I remember talking about this practice years ago with Gordon Browne, who was not in favor of it at all. His point (if I remember correctly) was something along the lines that such minutes weaken the community, exalting individual sensibilities over corporate discernment. If he was not in unity with a proposed decision, and had expressed his doubts, but felt no leading to stand decisively in opposition as the group seemed inclined to approve the minute, he simply kept quiet. His contribution had already been made (he felt), and the discernment process had weighed it and nevertheless was ready to proceed in the direction that he personally was not ready for. Gordon was always willing to grant that his individual discernment was not perfect.

I wonder if the inclusion of names of those "standing aside" happens in part because, although it is a relatively recent innovation in Quaker practice (is it?--I never saw it in my early years as a Friend), it has a sort of ancient quakerly feel to it.

Here's why I've grown a bit more comfortable with the practice of "standing aside." First of all, those who choose to request having their names recorded as "standing aside" may never have been part of a conversation about whether this practice is consistent with Quaker understanding of community. They are simply trying to find a way to have the community honor their discomfort at the same time that they in turn are agreeing not to block the community's evident will. So they are in fact being graceful rather than self-centered, using a mechanism that smells traditional, even if it isn't.

Secondly, future Friends historians may well be grateful for insights thus provided for the context of weighty decisions.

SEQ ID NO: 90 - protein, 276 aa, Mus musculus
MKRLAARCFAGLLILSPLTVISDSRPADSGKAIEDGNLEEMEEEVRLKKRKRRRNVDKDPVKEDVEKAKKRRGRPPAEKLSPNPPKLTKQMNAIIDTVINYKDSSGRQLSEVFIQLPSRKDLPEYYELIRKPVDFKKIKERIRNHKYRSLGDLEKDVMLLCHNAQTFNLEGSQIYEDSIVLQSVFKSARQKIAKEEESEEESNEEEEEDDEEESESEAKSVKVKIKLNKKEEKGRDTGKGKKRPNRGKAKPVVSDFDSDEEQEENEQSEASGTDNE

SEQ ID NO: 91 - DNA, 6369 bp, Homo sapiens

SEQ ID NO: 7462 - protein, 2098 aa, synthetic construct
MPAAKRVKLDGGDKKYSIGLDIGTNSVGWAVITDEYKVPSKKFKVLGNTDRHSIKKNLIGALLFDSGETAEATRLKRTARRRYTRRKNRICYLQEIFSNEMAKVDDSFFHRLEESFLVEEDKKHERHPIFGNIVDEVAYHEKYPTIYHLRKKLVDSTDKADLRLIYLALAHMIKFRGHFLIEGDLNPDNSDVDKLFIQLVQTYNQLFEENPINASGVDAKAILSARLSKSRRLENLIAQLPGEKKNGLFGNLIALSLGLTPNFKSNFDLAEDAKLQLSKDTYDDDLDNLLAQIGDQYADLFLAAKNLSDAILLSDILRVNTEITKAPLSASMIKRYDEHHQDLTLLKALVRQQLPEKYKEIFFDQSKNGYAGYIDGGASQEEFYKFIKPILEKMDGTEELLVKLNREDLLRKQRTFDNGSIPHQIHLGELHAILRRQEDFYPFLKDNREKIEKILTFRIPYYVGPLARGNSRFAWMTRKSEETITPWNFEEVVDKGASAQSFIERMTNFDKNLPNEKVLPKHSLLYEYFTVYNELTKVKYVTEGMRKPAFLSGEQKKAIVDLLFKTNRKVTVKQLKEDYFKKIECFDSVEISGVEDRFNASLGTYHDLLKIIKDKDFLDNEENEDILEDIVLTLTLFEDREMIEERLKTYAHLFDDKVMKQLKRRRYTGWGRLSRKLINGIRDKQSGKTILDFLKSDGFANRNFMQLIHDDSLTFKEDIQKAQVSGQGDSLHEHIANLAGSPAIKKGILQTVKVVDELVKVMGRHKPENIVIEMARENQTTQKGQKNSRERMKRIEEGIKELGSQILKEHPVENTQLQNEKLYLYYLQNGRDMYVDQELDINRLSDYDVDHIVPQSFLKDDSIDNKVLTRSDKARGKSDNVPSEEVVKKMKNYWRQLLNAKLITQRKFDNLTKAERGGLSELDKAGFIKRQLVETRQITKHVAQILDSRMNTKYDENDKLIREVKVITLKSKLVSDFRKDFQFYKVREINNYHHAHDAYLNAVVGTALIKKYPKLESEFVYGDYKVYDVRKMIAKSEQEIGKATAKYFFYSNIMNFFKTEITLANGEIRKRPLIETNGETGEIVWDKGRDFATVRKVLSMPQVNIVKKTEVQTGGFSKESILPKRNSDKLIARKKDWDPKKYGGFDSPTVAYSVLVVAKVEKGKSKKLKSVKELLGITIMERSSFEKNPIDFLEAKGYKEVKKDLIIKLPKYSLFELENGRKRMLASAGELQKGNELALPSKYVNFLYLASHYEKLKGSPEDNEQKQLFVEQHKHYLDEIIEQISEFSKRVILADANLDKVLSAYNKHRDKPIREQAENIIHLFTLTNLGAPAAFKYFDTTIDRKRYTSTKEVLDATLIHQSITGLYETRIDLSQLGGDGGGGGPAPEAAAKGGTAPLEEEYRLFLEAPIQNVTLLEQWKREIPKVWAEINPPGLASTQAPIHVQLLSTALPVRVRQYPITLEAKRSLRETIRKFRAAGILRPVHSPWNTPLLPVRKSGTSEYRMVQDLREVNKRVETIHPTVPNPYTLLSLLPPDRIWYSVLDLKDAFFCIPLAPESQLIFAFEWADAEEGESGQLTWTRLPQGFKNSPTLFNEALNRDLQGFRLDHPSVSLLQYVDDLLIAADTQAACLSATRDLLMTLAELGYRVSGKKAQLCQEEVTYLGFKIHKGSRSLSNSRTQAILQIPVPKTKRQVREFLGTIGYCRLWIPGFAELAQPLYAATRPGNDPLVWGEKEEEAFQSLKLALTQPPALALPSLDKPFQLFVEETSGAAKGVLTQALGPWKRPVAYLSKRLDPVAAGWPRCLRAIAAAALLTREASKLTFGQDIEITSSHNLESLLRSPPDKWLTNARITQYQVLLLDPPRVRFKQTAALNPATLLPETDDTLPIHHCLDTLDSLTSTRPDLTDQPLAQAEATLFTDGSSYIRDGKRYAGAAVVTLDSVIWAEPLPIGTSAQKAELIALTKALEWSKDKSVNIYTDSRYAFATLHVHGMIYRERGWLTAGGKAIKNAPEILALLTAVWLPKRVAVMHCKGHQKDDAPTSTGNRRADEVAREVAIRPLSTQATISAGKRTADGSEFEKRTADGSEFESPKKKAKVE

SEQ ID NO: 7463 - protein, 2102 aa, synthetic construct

Finally, the practice of "standing aside" may paradoxically be a useful contemporary reminder that Friends process of finding the "sense of the meeting" does not demand literal unanimity. Occasionally, a faithful and trusted clerk may find a meeting to be in substantial unity and may record a minute as being approved even with objections, This can happen, for example, because the meeting has engaged in extended preparatory consultations on the matter, but those who have last-minute objections seem not to have seasoned the matter to the degree that others have. To offer to record the objections might be a way of extending grace to those whose objections have been noted but not found decisive, as well as a way of making the minute more truthful. We Friends sometimes use our traditions to smother conflict rather than reveal it--maybe acknowledging that the community arrived at a decision despite conflict and an imperfect unanimity could be a way of teaching that conflict is not the end of the world.

All the same, I hope that "standing aside" doesn't become a convenient way out of giving difficult decisions the patient effort required for genuine corporate discernment.

Jeremy Mott said...

I believe that traditionally, it was recorded that a number of Friends stood aside from a decision, but their names were not (and should not have been, in this case) recorded. Of course, Johan
is correct that to stand aside is an important step, and should not be taken lightly; it may often be better just to remain silent.
On occasion, too, one or more
Friends attempts to stand in the
way. This is a much stronger dissent than standing aside. It is
an attempt to block unity and thus block decision. I have seen cases, however, where the clerk ruled, with the assent of the meeting, that the meeting would over-ride those attempting to stand in the way. In these cases,
the names of those attempting to
stand in the way may be recorded.
All this is what I remember in
New York Yearly Meeting. Probably other yearly meetings do things
I too wonder what made a few
Friends feel that they should stand aside. That would be far
more important information than
their names. Does anyone know?
Jeremy Mott